SFMOMA reopened last month. Exciting! Of its 170,000 square feet — the architecture firm Snøhetta integrated a 10-story expansion with the original Mario Botta building — 3,500 square feet are devoted to architecture and design, including modern and contemporary architecture, furniture, product and graphic design. I was delighted to be able to visit two weeks ago and see “Typeface to Interface: Graphic Design from the Collection,” one of 19 special exhibitions on view.
To boldly go where no web developer has gone before! I’m a huge sucker for space and In Space We Trust is next-level website inspiration. It’s a video-game-infographic-interactive-typographically-awesome timeline of landmark happenings in the world of space exploration. Even if you don’t swoon over Sputnik or moon over the moon like I do, check out this graphic masterpiece. You’ll learn something and come away dreaming of the design work. Plus, you can download some of the imagery as wallpapers.
The trash can. The pouring paint bucket. The disc. The happy Mac (or sad one). Susan Kare designed them all. In creating these and most of the other icons on the original Apple Macintosh, she established the framework for modern visual communications: The Point-and-Click Era. Here, Kare, icon of icons, talks about the creative decisions behind some of the best-loved symbols of the past four decades.
Kare delivered this presentation at last year’s Layers Design Conference in San Francisco, but the video was only recently posted online. It’s full of fresh observations about the creative process, insights about her time at Apple, and advice for designing with accessibility in mind; so even if you’re familiar with Kare and her work, I’m willing to bet you’ll find something new here. I learned from Kare’s 2013 book, for example, that the command icon (⌘) was originally a symbol used to denote interesting features at Swedish campgrounds, but the story of how she stumbled upon the symbol in the first place, and how she weighed its merits at the time. (Her description of her first trip to Sweden, decades after she copped the command icon for Apple, is also pretty damn charming.)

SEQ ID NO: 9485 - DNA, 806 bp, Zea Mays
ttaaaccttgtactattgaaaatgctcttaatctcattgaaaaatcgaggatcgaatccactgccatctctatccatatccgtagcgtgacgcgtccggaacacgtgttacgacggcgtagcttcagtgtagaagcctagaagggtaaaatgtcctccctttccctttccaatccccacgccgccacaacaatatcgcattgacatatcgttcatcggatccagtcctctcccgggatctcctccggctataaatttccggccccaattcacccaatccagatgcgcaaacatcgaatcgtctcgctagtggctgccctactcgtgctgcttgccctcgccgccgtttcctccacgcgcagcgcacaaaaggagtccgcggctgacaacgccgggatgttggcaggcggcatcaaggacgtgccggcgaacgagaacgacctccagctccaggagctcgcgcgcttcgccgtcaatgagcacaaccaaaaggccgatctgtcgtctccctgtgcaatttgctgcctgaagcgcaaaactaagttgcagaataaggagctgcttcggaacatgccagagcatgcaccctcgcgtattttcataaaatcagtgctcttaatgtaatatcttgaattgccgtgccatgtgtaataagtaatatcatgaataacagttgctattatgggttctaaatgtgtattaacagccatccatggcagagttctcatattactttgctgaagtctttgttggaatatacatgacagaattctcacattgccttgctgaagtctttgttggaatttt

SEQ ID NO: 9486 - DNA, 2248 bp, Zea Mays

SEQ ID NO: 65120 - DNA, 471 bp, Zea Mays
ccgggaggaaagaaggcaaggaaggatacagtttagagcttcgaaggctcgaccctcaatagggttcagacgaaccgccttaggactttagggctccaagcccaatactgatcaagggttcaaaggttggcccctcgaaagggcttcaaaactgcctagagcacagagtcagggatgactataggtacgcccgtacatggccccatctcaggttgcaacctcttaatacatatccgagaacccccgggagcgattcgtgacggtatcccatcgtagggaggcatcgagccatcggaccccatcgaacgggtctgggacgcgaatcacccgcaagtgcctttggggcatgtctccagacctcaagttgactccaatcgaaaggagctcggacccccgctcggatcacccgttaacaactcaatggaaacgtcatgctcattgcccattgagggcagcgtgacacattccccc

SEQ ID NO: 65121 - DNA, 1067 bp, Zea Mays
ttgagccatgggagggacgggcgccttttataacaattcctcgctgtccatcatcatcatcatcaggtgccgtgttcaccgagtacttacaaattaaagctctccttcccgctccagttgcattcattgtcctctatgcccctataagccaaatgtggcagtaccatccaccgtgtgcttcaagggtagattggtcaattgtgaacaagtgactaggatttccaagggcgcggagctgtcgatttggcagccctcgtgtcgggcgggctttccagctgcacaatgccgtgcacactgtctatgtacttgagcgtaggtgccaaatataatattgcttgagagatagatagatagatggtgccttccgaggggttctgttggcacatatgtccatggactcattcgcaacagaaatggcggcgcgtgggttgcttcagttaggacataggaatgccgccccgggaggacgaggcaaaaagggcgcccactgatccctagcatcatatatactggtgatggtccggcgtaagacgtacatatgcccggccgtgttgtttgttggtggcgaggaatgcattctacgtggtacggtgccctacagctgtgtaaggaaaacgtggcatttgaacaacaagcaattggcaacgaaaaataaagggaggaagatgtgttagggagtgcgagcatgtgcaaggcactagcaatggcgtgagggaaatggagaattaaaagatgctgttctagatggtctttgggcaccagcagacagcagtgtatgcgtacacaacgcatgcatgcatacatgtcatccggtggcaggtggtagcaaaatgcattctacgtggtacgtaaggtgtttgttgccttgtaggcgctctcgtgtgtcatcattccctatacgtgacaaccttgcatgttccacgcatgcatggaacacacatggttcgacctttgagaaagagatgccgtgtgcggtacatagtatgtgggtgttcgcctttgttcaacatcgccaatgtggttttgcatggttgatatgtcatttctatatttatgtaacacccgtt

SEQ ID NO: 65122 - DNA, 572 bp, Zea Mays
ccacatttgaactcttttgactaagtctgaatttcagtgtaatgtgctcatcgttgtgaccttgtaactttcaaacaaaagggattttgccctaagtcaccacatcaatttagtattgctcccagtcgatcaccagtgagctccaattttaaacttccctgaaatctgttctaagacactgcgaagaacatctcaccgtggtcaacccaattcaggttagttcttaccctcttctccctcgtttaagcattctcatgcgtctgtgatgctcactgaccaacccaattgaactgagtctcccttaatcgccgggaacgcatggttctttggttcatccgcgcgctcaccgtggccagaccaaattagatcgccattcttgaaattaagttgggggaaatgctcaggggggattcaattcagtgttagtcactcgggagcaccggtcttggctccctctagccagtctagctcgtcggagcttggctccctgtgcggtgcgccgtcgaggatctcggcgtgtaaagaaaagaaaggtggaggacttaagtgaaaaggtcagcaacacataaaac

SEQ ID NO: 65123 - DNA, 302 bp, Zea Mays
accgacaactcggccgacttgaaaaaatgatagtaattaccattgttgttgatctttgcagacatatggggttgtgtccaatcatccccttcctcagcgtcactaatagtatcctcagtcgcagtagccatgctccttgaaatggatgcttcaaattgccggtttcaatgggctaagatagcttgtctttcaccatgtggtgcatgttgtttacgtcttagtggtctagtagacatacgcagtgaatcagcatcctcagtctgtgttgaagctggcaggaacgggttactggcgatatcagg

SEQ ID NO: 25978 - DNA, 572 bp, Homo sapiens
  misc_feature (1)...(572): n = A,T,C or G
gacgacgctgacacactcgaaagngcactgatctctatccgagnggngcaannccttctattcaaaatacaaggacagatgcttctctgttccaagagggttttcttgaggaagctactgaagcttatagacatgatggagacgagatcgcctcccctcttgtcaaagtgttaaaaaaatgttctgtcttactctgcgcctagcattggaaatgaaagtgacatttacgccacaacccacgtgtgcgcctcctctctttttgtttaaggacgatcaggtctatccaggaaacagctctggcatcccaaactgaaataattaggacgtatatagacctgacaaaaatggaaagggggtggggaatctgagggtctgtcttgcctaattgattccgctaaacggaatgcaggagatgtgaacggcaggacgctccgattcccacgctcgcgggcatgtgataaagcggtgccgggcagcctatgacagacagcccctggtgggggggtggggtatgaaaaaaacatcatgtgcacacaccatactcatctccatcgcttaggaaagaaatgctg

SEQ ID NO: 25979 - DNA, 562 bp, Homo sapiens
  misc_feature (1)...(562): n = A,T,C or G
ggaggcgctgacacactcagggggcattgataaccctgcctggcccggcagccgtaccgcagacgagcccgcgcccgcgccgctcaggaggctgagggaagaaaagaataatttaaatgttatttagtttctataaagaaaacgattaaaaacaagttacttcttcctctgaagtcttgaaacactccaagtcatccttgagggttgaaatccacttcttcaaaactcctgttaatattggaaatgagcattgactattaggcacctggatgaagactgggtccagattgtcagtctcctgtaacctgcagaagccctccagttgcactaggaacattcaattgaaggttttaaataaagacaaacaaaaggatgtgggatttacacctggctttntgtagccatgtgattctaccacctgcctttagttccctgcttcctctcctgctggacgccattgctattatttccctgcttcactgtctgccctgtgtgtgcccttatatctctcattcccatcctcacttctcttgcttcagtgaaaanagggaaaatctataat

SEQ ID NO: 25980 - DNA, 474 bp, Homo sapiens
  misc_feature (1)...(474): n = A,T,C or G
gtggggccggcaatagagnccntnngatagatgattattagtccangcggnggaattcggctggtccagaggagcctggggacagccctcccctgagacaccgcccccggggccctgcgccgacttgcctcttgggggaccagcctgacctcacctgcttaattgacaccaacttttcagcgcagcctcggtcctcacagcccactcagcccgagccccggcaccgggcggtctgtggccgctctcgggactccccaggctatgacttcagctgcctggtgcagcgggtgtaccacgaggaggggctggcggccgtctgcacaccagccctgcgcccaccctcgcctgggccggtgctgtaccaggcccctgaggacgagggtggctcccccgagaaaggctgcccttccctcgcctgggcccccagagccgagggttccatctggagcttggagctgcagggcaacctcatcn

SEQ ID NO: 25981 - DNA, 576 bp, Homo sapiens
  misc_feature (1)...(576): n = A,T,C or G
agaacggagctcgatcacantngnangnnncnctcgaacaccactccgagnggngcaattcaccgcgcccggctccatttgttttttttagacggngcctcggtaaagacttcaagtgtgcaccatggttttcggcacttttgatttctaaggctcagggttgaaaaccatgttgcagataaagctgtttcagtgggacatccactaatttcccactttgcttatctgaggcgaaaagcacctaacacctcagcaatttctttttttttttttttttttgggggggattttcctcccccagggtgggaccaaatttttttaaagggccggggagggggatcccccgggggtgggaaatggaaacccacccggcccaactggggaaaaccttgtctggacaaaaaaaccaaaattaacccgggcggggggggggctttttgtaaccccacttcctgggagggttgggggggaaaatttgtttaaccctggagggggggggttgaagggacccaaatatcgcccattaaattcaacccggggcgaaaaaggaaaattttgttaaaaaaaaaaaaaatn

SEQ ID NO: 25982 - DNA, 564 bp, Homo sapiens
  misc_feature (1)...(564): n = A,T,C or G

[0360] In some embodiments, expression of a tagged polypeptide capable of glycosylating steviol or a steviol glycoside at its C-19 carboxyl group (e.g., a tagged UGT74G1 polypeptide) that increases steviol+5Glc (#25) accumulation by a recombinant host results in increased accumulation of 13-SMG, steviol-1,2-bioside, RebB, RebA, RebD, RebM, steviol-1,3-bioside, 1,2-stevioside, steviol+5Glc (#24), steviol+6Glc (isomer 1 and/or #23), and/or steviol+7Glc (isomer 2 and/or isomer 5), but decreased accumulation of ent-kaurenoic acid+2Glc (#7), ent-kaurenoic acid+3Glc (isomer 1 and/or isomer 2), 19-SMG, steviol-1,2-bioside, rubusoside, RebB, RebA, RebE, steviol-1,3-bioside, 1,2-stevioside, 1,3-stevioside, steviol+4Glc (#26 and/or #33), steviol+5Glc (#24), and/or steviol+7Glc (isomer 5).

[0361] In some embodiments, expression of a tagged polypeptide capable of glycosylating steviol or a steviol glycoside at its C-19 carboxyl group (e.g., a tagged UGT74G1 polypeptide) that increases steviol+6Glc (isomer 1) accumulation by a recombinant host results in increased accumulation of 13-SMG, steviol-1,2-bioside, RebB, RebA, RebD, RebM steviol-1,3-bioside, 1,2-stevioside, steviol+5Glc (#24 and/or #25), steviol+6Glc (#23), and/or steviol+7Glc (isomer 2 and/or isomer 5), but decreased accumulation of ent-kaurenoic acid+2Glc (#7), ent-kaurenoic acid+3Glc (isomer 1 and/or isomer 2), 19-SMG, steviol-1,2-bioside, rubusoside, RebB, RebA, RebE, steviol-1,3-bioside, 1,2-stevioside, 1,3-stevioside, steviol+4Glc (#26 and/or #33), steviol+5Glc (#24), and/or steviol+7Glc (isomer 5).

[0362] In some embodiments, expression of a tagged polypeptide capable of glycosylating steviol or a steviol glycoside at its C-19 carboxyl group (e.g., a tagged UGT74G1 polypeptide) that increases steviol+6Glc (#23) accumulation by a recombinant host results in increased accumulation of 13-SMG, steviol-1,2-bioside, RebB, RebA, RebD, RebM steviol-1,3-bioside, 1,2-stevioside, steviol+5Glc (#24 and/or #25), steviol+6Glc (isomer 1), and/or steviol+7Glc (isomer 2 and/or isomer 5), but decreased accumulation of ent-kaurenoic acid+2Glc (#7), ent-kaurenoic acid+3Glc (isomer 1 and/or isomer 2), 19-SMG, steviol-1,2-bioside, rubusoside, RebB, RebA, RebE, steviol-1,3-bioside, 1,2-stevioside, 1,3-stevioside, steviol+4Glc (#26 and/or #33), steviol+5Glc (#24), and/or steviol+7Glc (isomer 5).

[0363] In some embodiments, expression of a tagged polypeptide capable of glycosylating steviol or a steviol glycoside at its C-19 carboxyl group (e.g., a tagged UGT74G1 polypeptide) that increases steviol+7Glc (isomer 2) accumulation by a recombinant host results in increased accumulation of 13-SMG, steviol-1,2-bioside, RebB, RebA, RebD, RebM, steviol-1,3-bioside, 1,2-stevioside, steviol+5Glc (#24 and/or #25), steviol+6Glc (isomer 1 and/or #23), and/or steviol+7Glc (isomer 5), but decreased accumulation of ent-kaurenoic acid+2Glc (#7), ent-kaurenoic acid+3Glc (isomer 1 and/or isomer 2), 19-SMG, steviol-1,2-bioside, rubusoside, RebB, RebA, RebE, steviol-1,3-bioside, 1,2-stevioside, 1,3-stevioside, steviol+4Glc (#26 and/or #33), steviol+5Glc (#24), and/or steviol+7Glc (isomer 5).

Her talk’s about half an hour long and well worth watching in its entirety. The second half of the video, a Q&A between Kare and Daring Fireball’s John Gruber, is also worth a watch.
Gastrotypographicalassemblage, Lou Dorfsman’s 1966 typographic mural design for the CBS New York headquarters cafeteria has been restored and permanently installed at the Culinary Institute of America’s Marriott Pavilion and Conference Center in Hyde Park, NY.
Gastrotypographicalassemblage embodies design and art movements popular in New York in the 1960s. Three-dimensional words about food, in various typefaces and lettering styles, interlock with wry sculptures of everyday delicacies, such as bagels, a sandwich, and canned food, and the whole is suggestive of the work of artists such as Andy Warhol and Robert Indiana, as well as the Push Pin enthusiasm for eccentric nineteenth-century type. The compartmentalization of the wooden words and letters also reflects a minor fad in the 1960s and ’70s for wood type and obsolete type cases. Dorfsman himself recounts that inspiration for the wall grew out of a birthday gift he made for CBS president Frank Stanton that was a collection of wood type, metal type, and CBS memorabilia nestled into the compartments of a type case.